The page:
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O Brother, Where Art Thou?

 

My husband and I are often asked why we had our children seven years apart. We’ve always joked that we finally had a second child when we realized we couldn’t count on our daughter to care for us when we were old. Our second child, a boy to carry on the Koehler name, is just as sweet as can be. Yet, according to the American Sociological Association (ASA), the joke is really on us.

The ASA released a study this month about the role sibling gender plays in caregiving. They determined that parents are better off having daughters if they want to be cared for in their old age. The reason: women appear to provide as much elderly parent care as they can, while men contribute as little as possible.

The study claims that daughters provide an average of 12.3 hours of care each month compared to their brothers’ 5.6 hours. So that means the girls are doing twice as much caregiving for Mom and Dad.

I’m sure thousands of families could’ve anecdotally told you this same scenario, but now we have science to back it up.

And the question to all of this is: Why is this happening, and how do we fix it?

Let’s look at the Why. A friend recently told me it was because women are natural caregivers. What does that mean? Because we have a womb we instinctively know how to care for someone? I can’t tell you how many times I’ve had to bumble and fake my way through caregiving. I guess my womb failed me. But the truth is, people do believe women are natural caregivers, and this belief and the expectations that come along with it have serious ramifications.

Here’s another scenario. Men tend to be further along in their careers by the time caregiving duty calls. Their sisters have taken time off to raise children, or their careers haven’t advanced as quickly due to various other reasons (and that’s an entirely different issue). So the women are seen to be sacrificing less by being the caregiver and are nudged to step up into the caregiving role.

And what is the danger to women taking on this role instead of their brothers? Withdrawing from the workforce means they stop contributing to Social Security and aren’t able to save for their own futures through pensions or private savings. All of this is a recipe for an impoverished old age.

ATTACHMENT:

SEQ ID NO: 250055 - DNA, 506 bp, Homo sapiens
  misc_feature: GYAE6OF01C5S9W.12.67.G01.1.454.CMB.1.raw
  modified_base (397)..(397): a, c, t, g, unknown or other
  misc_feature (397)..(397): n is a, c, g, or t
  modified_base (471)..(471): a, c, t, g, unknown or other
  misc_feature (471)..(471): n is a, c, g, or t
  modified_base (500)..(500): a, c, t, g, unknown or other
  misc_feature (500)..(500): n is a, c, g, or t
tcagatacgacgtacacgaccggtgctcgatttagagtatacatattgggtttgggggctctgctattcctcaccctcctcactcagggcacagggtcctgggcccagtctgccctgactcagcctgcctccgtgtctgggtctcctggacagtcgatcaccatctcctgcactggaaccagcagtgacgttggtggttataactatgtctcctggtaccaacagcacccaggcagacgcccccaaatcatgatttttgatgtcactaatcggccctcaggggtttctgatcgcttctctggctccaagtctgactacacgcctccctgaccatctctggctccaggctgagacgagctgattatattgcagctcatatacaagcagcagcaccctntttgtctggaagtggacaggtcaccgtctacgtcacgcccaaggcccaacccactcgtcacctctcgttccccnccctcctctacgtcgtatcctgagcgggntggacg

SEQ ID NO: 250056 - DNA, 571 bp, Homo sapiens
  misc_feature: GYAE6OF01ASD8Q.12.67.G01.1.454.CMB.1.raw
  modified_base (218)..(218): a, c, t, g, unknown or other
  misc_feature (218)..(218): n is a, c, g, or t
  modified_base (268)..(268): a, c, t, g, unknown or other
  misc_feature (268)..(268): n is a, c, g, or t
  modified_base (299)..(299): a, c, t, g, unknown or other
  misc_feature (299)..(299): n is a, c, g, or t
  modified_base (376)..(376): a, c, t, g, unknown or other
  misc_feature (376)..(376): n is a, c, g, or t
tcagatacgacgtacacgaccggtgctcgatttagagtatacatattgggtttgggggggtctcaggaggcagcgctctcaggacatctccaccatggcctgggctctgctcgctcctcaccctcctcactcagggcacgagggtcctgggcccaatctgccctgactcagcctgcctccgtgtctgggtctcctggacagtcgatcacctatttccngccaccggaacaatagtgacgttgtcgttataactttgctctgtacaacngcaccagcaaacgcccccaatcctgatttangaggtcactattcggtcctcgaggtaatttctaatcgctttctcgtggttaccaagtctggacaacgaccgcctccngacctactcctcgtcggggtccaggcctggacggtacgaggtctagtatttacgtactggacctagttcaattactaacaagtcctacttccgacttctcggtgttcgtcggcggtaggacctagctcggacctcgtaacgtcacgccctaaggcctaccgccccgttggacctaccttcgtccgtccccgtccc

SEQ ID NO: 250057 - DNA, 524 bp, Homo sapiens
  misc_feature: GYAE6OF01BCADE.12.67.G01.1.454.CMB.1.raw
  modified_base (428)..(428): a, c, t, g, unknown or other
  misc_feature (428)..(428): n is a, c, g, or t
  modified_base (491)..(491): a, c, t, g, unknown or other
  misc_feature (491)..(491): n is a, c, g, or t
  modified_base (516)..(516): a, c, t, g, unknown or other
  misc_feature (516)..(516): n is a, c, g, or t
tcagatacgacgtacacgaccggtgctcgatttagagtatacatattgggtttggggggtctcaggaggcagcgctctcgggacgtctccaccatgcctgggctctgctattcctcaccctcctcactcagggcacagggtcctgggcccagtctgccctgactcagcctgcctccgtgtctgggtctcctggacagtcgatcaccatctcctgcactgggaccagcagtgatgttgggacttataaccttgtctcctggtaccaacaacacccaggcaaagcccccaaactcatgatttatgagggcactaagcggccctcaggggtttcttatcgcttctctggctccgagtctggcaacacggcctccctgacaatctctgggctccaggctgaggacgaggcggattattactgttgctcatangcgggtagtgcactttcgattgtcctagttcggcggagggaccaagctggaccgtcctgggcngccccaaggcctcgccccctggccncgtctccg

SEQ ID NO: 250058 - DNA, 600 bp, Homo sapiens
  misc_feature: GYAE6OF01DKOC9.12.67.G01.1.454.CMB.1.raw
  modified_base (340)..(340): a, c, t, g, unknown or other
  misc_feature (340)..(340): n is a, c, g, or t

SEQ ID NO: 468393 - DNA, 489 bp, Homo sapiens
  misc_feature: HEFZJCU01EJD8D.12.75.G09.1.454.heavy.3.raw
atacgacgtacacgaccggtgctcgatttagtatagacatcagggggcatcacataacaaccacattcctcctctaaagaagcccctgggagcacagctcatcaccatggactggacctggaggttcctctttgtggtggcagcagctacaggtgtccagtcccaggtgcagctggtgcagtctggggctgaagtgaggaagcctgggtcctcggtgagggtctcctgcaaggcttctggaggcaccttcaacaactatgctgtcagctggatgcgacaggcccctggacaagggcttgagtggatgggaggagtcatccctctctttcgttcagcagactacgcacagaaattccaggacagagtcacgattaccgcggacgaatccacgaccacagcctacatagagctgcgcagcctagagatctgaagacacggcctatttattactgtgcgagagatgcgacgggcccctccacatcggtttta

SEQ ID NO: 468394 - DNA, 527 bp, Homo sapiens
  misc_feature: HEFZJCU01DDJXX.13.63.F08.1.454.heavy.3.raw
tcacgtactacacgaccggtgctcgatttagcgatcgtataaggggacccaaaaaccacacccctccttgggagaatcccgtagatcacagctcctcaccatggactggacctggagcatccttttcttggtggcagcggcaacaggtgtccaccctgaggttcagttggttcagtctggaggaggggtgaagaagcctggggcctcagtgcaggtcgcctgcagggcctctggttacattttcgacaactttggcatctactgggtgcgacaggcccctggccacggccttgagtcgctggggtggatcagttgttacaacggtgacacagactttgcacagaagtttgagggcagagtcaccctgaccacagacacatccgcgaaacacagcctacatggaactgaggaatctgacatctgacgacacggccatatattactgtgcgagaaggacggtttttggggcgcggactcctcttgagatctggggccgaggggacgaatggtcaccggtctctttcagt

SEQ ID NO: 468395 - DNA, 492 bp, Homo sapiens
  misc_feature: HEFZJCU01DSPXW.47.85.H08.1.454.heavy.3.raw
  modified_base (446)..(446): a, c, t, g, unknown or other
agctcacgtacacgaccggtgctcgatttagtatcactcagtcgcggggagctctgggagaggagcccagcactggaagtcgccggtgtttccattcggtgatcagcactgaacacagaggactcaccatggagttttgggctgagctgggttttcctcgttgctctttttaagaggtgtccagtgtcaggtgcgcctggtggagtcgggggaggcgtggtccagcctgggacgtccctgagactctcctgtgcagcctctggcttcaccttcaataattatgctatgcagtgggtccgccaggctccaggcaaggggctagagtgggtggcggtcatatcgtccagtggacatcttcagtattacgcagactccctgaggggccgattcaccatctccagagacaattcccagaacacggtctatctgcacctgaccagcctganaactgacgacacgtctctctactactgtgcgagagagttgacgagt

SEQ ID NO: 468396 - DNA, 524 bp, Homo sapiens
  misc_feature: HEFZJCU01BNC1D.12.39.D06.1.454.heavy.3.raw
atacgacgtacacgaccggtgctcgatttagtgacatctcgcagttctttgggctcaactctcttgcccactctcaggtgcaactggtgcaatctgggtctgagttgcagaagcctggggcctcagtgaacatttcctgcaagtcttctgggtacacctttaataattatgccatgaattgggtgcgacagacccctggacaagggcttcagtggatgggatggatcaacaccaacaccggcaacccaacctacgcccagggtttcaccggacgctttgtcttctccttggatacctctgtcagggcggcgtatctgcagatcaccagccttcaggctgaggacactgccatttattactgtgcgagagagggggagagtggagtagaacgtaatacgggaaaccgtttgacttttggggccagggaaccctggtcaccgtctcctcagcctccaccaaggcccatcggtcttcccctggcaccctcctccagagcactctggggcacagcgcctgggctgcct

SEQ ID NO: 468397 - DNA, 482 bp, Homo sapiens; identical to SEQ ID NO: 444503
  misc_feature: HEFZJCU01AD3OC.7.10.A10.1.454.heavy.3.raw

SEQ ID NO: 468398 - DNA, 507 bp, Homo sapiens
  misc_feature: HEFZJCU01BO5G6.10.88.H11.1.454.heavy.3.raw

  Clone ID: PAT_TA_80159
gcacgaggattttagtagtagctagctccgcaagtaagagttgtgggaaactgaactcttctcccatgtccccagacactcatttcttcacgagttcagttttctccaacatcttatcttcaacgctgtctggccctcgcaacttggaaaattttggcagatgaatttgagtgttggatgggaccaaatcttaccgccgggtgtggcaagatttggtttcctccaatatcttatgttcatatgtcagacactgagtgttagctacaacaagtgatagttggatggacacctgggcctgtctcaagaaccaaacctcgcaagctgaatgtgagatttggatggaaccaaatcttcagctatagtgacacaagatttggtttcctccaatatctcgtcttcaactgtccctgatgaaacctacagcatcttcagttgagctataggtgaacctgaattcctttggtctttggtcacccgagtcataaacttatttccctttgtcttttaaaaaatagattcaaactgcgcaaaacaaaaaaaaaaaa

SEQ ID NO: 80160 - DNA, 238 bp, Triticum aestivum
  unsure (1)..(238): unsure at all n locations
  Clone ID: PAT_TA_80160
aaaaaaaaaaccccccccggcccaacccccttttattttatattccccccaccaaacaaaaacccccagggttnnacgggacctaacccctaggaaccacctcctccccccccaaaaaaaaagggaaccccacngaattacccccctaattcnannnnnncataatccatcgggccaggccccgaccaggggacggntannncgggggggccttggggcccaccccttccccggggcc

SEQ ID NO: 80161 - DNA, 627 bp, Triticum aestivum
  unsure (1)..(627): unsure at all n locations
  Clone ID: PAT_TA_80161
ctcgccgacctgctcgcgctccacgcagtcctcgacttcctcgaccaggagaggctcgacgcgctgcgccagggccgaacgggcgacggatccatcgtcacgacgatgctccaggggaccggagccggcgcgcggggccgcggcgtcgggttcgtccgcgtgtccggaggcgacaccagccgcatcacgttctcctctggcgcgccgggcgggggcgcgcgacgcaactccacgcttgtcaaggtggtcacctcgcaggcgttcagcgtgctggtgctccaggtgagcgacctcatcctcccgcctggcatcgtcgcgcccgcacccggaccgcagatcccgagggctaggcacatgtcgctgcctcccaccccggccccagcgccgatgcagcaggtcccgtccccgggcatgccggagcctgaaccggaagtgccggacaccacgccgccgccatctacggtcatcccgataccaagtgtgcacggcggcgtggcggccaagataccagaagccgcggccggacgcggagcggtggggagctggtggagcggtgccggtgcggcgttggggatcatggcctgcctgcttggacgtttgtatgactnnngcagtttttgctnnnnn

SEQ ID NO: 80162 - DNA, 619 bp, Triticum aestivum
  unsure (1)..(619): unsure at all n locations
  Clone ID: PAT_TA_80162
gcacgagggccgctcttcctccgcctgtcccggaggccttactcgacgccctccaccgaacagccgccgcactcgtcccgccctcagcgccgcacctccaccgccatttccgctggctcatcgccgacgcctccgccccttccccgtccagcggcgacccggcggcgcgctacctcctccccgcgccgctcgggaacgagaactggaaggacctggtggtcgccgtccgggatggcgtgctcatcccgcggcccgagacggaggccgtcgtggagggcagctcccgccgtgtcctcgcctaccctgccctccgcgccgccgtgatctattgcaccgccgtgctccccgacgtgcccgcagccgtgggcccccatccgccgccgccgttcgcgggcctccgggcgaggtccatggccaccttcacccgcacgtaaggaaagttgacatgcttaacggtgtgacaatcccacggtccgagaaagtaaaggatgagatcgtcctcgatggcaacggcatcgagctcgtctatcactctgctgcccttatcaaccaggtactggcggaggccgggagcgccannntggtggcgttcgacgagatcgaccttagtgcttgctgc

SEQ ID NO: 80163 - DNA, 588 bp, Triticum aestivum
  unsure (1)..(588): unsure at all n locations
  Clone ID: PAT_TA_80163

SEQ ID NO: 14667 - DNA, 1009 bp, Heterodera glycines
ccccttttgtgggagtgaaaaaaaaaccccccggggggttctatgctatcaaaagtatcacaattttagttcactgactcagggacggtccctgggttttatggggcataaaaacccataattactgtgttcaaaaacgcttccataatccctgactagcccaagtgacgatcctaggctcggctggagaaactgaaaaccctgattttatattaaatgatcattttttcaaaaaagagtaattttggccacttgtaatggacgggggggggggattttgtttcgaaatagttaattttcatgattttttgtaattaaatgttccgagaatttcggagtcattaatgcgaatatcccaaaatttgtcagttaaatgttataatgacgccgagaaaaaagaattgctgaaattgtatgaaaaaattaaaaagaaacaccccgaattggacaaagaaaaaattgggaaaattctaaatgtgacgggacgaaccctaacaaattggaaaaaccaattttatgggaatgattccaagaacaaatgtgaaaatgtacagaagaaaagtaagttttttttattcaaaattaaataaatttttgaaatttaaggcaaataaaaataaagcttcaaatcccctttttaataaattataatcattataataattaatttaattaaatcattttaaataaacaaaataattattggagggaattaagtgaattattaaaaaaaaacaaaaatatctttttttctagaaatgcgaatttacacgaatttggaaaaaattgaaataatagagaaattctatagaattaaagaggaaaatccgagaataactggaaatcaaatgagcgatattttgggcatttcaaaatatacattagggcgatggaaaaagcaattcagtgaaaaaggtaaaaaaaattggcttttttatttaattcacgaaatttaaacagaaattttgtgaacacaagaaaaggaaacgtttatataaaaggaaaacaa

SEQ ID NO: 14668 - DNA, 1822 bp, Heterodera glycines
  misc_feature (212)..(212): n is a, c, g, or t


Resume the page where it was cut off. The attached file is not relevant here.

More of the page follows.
So what do we do now? How do we fix this and make caregiving more equitable among the siblings whether they have a womb or not?

There are so many factors that need to change in order for this to work. As a society, we need to begin recognizing men as great caregivers. A little girl holds a doll and we exclaim, “What a good little mama you are!” When a boy does the same thing, we are quick to swap the doll with a “boy” toy, or we ignore the caring act all together.

As moms, we need to allow our husbands to play a larger role in the care of our children so they can experience caregiving early on. I’m hopeful that the recent Stay at Home Dad movement will have a positive impact on the equality in caregiving for the aging population.

Beyond the social changes, employers need to provide resources and benefits for working caregivers that will allow them to not only stay in the workforce longer, but provide care for their aging parents or spouse. The government and employers stepped up with tax credits, maternity leave, and other benefits when more and more mothers joined the workforce, and now it’s time to look at the other end of the spectrum. Before long, the number of Americans 65-years old or older will far outnumber those under the age of 5.

I’d love to hear how the caregiving works in your family. Do the daughters do more than the sons? Are there no daughters, so the boys take on the caregiving? As for our house? I’m pretty sure our daughter will move far away to avoid any caregiving duties, so I’m hoping that beautiful little boy of ours stays a mama’s boy!

 

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Thoughts and stories from others
  1. September 4, 2014 at 11:27 pm | Posted by Kim

    During my masters program in social gerontology we discussed how women are sandwiched or caught in the middle to render care to aging parents and their own children. Typically it is the first born daughter or a daughter-n- law that is forced to take on the task. Regardless it places an overwhelming amount of stress on the caregiver and in some cases they die prior to the person receiving care. I encourage all to read "Women In The Middle" by Elaine M. Brody it offers a detailed account of the stress many women have faced as caregivers.

    Reply

  2. August 31, 2014 at 7:30 pm | Posted by Gerrick Reed Busl